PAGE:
I feel like I do an awful lot of nostalgic reminiscing in this column. Maybe it’s because I’m so often reminded of dishes from my childhood or from my homeland, and then my urge to share food with people takes over and I just HAVE to tell you all about it. Today’s subject is absolutely no exception, in fact it might be the most fond food memory I have. Well, it’s in the top five.
Despite the mild temperatures, I’m sure it has not escaped your attention that it is indeed fall. In this part of the world, that means, among other things, apples. My husband and I took our 9-month-old on his first apple-picking adventure to the wonderful Champlain Orchards Harvest Fest last weekend, and we had an excellent time, despite the dreary weather. We came home laden with six different types of apples, gleefully plucked from branches heaving with perfect, shiny globes bursting with sweetness. I had plans for these apples — well for a lot of them anyway — and one of those plans was apple slice.
Apple slice takes me straight back to my childhood in my home town of Rockhampton, in Queensland, which is the north-eastern state. Unlike the northeast Rutlanders know, it is hot, VERY humid, and rarely dips into the 30s even in the depths of “winter.” Anyway, my childhood home is right near a small, family-owned bakery, frequented very often by my family and still by my father today. Dean Street Hot Bread Shop is a place of many wonders, but today, we’re only going to talk about apple slice.
It’s not so different to apple pie, really. A thick shortcrust pastry base, stewed apples in the middle, topped with another slab of pastry and sprinkled with sugar. It’s more of a snack than apple pie, eaten handheld-style, quickly, before it falls apart in a crumbly mess of deliciousness.
I had never made it from scratch before, what with my proximity to the Real Thing until I moved here, and apart from the pastry itself it was a total breeze.
I used SnowSweet apples, but you could use any that you like and adjust the sugar and lemon juice to get the right balance for your palate.
Here is where I confess that though I love to bake, especially sweets, I HATE pastry. I’m terrible at it. My husband would argue, and I suppose it does always turn out to taste nice and have a good texture, but the process is so difficult and laborious that every time I do it I swear off doing it again. Perhaps you have a recipe or technique that makes things a breeze. If so, do share!
This is the kind of pastry you REALLY don’t want to overwork. I really urge you to resist using the KitchenAid or other stand mixer for this. You’ll get tough pastry and that doesn’t do this recipe any good.
I also think that the recipe from which I adapted is just very bad. I should have clued into that when I saw the “ready in 15 mins” with 15 minutes of preparation despite a 25-minute bake time, laborious dough mixing, and fridge rest for the dough. I’ve tried to adapt it so that it’s a little less terrible. First, the apples.
(adapted from BBC Good Food)
- 7-8 apples, peeled, cored and cut into ½-inch cubes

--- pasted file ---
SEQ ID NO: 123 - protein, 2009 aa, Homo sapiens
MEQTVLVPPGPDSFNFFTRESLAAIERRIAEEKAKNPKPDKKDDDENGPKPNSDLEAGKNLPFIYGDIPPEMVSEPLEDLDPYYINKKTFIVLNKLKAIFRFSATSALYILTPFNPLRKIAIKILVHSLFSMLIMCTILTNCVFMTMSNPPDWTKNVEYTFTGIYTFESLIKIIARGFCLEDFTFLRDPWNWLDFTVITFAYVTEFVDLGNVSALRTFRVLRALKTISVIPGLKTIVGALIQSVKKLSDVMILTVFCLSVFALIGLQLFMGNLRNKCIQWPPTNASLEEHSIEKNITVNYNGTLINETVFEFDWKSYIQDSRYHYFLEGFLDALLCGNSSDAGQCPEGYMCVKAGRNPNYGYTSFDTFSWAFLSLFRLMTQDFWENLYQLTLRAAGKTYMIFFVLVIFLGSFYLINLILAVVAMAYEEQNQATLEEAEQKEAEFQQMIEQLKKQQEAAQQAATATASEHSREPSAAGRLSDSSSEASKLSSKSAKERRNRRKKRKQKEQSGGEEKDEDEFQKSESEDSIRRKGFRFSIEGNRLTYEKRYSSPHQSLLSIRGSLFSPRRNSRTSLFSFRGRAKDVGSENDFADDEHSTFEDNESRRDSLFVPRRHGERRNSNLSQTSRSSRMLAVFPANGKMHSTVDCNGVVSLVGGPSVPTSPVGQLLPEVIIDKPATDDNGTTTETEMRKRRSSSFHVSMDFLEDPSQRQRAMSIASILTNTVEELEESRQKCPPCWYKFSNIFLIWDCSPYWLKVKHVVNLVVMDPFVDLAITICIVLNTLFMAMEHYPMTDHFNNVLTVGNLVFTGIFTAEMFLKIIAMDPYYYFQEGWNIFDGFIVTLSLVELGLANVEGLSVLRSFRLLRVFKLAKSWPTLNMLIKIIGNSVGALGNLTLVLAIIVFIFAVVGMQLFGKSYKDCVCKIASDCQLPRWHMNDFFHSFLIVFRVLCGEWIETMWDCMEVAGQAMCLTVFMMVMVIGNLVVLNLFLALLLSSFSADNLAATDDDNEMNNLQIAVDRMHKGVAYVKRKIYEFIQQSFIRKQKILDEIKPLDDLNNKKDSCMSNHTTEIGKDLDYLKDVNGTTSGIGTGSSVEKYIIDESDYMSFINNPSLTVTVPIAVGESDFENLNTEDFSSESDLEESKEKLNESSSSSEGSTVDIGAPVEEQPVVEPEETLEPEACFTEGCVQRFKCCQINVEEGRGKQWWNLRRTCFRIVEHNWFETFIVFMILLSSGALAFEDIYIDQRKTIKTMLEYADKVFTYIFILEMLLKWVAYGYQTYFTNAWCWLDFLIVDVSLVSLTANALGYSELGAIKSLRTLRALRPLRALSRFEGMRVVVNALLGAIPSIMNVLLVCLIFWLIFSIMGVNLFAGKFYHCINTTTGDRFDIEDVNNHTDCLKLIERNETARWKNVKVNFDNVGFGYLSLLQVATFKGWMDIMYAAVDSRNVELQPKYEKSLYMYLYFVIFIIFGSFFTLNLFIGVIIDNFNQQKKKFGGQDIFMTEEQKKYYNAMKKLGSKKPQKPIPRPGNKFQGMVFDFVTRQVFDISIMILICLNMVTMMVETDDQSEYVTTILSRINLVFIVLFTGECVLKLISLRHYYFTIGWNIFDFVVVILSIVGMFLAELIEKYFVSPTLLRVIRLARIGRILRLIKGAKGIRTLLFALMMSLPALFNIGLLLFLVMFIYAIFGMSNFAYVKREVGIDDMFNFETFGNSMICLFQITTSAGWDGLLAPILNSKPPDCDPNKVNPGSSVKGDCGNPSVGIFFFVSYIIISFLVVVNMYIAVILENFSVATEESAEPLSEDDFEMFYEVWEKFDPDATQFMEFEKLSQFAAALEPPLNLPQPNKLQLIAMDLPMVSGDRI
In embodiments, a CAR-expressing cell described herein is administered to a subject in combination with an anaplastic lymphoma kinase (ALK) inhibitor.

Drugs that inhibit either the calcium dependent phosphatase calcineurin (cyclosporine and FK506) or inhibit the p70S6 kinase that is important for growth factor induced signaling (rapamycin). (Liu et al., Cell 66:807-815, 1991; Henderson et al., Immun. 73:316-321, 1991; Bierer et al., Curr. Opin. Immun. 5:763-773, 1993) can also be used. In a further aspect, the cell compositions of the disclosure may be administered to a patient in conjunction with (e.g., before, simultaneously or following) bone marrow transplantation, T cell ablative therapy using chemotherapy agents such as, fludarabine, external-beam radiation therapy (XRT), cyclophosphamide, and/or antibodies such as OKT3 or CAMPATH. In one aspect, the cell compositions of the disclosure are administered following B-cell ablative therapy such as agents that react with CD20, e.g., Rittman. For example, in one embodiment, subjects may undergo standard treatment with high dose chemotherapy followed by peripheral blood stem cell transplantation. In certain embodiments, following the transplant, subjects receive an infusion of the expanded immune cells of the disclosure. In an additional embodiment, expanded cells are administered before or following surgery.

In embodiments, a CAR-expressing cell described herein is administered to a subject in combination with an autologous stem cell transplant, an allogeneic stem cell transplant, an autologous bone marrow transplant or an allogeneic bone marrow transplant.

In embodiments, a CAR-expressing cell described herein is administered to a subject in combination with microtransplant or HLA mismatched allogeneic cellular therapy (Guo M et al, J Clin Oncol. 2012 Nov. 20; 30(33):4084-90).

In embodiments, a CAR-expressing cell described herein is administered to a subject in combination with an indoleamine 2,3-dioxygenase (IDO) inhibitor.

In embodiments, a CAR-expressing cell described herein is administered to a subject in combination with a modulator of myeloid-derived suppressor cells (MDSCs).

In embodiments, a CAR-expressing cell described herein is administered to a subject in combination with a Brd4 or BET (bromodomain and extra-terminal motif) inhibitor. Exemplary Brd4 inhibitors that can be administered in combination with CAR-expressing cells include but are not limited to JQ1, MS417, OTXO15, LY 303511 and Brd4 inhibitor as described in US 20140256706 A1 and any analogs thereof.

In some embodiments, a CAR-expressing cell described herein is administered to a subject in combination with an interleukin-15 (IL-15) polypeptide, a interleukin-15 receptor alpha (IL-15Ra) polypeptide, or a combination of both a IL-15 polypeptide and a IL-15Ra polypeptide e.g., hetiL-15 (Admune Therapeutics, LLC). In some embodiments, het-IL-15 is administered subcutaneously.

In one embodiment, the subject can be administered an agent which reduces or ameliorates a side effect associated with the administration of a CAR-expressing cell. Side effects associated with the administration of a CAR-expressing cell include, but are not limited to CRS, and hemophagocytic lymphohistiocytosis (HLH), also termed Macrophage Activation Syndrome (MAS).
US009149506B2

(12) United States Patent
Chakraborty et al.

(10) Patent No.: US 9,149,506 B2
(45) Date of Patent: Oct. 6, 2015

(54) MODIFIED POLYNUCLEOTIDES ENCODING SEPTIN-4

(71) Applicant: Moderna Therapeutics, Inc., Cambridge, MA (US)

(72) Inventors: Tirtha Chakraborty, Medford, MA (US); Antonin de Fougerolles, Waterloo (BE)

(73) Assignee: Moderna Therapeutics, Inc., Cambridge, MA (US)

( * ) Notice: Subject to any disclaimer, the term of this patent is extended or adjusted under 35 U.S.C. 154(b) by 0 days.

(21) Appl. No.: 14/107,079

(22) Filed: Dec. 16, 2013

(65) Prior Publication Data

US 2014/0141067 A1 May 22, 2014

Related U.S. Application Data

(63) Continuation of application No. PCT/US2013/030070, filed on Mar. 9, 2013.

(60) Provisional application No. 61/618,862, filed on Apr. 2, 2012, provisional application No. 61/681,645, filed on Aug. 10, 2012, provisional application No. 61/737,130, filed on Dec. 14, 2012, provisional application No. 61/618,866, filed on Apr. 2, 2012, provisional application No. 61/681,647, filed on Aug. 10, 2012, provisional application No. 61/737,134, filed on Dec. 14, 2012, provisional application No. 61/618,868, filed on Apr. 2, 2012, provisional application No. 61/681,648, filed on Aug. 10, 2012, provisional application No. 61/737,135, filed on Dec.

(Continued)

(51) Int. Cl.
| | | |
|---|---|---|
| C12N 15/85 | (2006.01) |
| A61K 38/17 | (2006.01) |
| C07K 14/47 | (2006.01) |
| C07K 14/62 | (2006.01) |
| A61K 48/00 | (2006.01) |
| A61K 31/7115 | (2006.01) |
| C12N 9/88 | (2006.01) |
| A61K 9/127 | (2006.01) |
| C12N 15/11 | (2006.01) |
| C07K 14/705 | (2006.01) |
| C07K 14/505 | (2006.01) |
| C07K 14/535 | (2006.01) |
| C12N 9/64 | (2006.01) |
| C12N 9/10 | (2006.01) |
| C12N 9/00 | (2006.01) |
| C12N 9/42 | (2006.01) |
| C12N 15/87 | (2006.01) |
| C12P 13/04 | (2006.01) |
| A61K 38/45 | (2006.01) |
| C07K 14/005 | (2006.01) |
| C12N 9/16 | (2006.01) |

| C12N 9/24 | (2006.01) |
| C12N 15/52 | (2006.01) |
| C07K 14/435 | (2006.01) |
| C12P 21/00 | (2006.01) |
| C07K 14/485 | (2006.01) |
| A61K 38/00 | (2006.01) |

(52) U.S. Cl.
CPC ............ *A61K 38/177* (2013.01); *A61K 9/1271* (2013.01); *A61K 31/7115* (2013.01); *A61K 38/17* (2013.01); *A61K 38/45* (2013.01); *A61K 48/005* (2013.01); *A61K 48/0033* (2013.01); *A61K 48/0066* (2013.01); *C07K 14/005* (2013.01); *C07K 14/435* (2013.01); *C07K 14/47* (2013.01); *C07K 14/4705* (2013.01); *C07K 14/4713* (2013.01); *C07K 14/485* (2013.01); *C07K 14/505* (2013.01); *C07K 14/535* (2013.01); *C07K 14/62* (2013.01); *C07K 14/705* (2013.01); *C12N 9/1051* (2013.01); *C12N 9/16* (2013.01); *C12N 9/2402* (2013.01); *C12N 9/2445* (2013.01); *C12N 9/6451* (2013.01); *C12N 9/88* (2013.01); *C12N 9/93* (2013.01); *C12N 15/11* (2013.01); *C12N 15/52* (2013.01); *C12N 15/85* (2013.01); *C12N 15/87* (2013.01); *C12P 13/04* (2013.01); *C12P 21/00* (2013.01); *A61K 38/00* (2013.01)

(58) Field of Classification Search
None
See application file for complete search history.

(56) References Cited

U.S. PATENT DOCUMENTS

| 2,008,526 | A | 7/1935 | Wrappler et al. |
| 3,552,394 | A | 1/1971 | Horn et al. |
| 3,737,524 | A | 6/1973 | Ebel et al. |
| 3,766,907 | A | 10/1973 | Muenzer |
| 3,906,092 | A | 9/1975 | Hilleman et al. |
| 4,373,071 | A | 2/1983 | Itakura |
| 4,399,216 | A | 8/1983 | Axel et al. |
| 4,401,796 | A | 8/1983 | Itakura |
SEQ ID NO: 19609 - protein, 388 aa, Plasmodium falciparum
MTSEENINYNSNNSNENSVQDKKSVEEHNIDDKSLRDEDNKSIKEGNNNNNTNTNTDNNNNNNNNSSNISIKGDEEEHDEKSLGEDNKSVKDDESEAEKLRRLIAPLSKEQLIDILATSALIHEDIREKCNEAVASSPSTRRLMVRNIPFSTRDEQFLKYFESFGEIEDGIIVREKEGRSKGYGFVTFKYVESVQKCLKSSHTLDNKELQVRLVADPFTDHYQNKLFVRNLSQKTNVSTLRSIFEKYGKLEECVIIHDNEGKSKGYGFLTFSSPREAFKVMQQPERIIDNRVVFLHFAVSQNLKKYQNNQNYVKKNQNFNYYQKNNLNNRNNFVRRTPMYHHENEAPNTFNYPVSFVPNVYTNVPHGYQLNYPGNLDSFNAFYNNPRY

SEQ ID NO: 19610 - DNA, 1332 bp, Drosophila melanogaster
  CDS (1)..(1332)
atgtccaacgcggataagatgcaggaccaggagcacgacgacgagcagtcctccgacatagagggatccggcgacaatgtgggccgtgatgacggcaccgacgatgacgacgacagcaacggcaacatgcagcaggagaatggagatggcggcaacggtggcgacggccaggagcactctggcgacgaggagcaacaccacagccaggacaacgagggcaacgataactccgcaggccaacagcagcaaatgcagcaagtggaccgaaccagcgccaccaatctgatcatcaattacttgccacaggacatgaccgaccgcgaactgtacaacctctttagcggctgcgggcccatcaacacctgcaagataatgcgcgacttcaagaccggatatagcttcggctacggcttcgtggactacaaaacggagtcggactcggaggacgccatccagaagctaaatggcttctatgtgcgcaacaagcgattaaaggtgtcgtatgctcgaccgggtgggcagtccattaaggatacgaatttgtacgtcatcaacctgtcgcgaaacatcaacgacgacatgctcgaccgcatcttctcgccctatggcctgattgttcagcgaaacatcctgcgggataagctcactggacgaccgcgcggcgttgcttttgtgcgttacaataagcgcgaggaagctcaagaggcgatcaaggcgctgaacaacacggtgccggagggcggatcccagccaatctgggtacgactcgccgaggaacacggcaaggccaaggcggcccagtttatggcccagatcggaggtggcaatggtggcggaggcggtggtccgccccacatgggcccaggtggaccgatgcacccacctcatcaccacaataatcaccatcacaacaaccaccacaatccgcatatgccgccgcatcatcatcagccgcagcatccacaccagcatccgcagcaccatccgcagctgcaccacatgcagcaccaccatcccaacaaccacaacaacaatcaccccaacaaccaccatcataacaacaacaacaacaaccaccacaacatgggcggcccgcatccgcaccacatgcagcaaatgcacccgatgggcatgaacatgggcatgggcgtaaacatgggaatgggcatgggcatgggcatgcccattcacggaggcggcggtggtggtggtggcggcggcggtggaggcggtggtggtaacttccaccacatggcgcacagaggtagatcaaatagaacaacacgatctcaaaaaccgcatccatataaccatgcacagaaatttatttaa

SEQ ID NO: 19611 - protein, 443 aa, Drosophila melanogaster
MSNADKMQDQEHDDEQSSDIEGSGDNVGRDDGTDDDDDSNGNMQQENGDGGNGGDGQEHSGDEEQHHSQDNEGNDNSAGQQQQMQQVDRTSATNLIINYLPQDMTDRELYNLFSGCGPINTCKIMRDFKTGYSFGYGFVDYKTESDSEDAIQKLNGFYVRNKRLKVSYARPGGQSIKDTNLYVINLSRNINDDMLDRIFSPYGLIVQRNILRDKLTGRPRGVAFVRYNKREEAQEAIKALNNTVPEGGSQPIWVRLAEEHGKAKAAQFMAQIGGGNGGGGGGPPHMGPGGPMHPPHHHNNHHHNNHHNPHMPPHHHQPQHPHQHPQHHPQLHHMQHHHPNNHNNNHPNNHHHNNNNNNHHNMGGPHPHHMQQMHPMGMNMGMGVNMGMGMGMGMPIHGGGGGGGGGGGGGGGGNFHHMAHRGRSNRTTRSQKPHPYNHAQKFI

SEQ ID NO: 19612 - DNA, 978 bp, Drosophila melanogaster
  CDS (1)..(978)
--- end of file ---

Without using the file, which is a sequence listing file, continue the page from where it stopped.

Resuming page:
- 75 grams granulated sugar
- 1 teaspoon lemon juice
- 1-2 tablespoons water
Place apples, sugar and 1 tablespoon water into a large saucepan over medium heat. Stir it all together and let it cook for 3-4 minutes, covered, then stir again. Cover and cook until soft but still retaining shape. Remember to taste and adjust flavor with sugar if too tart and lemon juice if too sweet.
This will keep in an airtight container in the fridge for 4-5 days if you aren’t making your pastry immediately.
Adapted from AllRecipes.com Australia & NZ
- 1 cup all-purpose flour
- 1 cup self-rising flour (or combine 1 cup AP flour with 1 ½ teaspoons baking powder & ½ teaspoon salt)
- ½ cup butter (one stick), cold, cut into ½-inch cubes
- ½ cup granulated sugar
- 1 egg, whisked
- 3 cups stewed apple
- 2-3 tablespoon granulated sugar to finish
Preheat oven to 375F. Grease and line a 12” x 8” baking dish.
In a large bowl, combine the flours and sugar, then sprinkle the cubes of butter across the flour.
Rub the butter into the flour with your fingertips until the mixture resembles coarse breadcrumbs. This takes awhile. Be patient. Add the egg and mix until it forms a dough ball.
Remove from bowl and knead a few times until dough is cohesive. Don’t knead it too much!
JUST enough to have it come together into a smooth ball. Pop it into the fridge for 10-15 minutes.
Divide the dough in half and, on a floured surface, roll out into approximately the size of the bottom of your prepped dish. I ended up rolling onto the parchment paper itself and lowering it into the baking tray. Spread the apple mixture across the dough. It should sit about ½- to ¾-inch thick on top of the dough. Roll out the second piece of dough, then roll it over a well-floured rolling pin and then unroll it across the top of the apple mixture to cover.
Bake 25 minutes. Allow to cool completely, then sprinkle sugar across the top of the slice. Remove from tray (use edges of parchment paper), then cut into squares; I suggest 12. Enjoy!